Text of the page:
Sunday Mirror had yesterday reported that the giant British carrier was planning to stop flight operations following the sack of its Nigerian crew about three weeks ago without any severance package regardless of their length of service with the airline. Read More →
Stakeholders in the Maritime sector have urged the Federal Government to proffer lasting solution to the moribund Warri port in Delta.
They told the News Agency of Nigeria (NAN) on Monday in Warri that the prolonged inactivity of the port was counter-productive to the nation’s economy.
They said that underdevelopment had consequently affected their financial viability.
Mr Austin Egbegbadia, a Warri-based importer, identified dredging as a major constraint in the port. Read More →
Twenty nine ships laden with petroleum products, food items and other goods are expected to arrive Apapa and Tin-Can Island ports in Lagos from Sept. 8 to Sept. 20.
The Nigerian Ports Authority (NPA) stated this in its daily publication – `Shipping Position’ – made available to newsmen on Tuesday in Lagos.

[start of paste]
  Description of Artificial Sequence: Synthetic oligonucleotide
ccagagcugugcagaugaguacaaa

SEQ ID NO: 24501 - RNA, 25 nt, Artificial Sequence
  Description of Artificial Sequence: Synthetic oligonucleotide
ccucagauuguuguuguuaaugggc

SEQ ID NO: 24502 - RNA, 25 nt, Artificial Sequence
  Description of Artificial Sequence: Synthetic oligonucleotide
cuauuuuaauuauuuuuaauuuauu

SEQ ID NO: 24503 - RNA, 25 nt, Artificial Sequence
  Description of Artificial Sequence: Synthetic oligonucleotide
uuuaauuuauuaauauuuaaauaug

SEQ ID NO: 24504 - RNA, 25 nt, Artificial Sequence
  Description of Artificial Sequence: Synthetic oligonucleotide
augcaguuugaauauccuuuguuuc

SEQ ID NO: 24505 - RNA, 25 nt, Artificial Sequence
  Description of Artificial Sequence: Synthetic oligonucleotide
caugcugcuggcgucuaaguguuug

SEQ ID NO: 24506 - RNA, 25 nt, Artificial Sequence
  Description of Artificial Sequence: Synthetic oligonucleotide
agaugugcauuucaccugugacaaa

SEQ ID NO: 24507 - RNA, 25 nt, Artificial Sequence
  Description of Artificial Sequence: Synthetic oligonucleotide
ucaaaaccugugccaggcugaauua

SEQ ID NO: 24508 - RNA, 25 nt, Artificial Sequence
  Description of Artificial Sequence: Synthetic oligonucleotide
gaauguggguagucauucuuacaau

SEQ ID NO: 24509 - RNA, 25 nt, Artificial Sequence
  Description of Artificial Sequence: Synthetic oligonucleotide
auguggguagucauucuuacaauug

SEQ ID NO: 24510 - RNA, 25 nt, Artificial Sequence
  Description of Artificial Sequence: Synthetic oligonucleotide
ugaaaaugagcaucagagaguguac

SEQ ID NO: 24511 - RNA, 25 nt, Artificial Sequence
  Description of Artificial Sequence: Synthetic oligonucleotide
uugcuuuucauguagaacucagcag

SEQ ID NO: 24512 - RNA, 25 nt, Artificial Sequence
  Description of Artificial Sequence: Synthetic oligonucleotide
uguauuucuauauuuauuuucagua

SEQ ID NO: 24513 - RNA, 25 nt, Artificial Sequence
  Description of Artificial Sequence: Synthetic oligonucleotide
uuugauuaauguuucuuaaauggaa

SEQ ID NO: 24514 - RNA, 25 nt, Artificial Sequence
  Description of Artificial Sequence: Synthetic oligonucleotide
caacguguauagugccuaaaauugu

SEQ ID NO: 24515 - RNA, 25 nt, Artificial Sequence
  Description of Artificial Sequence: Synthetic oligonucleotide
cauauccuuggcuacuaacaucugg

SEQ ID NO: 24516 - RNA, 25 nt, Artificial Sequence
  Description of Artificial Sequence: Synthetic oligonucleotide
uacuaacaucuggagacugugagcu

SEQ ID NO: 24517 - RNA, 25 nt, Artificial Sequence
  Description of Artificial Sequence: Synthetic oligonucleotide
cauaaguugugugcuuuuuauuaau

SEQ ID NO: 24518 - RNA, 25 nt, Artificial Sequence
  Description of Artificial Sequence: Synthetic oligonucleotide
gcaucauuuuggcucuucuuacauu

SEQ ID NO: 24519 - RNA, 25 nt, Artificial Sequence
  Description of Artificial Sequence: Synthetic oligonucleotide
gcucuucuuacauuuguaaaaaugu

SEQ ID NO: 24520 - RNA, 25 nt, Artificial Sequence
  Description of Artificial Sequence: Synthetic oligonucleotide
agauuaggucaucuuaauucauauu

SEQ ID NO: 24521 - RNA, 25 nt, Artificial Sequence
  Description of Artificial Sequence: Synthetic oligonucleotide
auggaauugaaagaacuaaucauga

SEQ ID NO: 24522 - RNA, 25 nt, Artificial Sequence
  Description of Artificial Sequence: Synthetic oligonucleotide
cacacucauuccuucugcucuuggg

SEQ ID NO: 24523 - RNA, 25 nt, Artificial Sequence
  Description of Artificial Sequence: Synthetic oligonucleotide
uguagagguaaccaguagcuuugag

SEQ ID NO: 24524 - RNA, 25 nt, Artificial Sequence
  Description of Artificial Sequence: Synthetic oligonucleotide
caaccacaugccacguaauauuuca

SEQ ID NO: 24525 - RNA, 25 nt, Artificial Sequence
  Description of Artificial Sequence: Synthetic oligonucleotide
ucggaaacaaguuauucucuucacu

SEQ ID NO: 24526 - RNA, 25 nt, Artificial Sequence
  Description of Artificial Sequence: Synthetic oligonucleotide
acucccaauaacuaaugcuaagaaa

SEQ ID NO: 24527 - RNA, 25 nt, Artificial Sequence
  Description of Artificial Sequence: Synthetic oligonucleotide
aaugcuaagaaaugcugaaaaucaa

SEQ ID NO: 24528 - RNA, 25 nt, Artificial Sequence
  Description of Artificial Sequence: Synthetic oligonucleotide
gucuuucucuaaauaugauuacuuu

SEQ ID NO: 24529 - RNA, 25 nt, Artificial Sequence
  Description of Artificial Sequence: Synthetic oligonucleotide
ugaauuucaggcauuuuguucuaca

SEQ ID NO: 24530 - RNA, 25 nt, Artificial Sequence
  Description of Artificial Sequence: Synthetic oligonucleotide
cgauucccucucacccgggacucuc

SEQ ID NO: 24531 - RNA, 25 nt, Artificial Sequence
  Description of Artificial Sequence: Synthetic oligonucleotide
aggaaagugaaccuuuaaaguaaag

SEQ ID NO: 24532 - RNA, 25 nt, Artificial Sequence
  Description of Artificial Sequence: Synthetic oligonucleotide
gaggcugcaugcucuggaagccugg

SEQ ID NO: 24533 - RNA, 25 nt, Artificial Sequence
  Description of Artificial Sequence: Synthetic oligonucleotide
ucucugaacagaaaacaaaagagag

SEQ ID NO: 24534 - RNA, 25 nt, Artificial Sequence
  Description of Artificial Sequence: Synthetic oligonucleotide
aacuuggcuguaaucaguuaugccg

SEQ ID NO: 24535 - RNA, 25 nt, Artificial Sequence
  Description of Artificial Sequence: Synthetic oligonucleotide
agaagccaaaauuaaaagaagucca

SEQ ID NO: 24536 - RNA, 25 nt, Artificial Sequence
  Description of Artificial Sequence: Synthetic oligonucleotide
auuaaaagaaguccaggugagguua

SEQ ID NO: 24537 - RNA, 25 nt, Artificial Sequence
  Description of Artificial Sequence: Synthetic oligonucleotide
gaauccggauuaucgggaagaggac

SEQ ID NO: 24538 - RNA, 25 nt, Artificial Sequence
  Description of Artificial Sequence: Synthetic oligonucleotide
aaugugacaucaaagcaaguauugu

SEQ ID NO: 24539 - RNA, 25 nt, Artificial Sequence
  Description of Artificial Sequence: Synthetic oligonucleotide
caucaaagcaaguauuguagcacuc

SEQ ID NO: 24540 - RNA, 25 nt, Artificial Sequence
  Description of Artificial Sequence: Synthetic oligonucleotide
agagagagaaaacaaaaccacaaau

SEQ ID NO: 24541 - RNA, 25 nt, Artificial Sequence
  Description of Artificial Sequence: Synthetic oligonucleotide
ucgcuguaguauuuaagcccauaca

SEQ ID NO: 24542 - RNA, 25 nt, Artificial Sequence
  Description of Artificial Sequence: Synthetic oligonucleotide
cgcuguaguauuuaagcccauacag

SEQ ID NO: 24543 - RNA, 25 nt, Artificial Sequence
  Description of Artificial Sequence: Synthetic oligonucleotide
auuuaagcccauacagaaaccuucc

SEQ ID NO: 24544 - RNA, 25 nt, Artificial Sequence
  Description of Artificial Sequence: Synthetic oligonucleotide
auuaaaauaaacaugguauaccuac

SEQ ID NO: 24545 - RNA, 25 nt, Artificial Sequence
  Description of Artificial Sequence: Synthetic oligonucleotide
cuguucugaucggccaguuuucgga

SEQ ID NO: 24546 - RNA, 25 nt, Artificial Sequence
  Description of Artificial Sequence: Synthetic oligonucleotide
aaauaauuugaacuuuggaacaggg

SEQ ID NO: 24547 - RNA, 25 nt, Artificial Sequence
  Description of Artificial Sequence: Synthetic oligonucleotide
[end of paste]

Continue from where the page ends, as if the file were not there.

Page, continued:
The document indicated that the expected ships contained general cargo, crude palm olein, bulk malt, base oil, bulk sugar and bulk rice. Read More →
The Incorporated Trustees of Christ Embassy Church International a.k.a “CHRIST EMBASSY, led by Pastor Chris Oyakhilome, has dragged the Corporate Affairs Commission(CAC) and its registrar before a Federal High Court in Lagos, southwest Nigeria.
In a statement of claim filed by a Lagos lawyer, Mr Adekunle Adebisi Sogunle, Christ Embassy Church stated that they have established churches all over Nigeria and are internationally well known to casino the general public as Christ Embassy and that the church has grown over the years with large number of followers in Nigeria and abroad, reports thenewsnigeria.com.ng. Read More →
(Juliana Taiwo-Obalonye, DAILY SUN)
The Presidency has said President Muhammadu Buhari as at May 29th when he was sworn-in had less than N30 million to his name, had no foreign account, no registered company and no oil wells.
It also said Vice President Yemi Osinbajo, a successful lawyer before his foray into politics, had a bank balance of about N94 million and $900,000 in his bank accounts.
The Special Assistant on Media and Publicity, Garba Shehu, in a statement quoted documents submitted by President Buhari and Vice President Osinbajo to the Code of Conduct Bureau (CCB).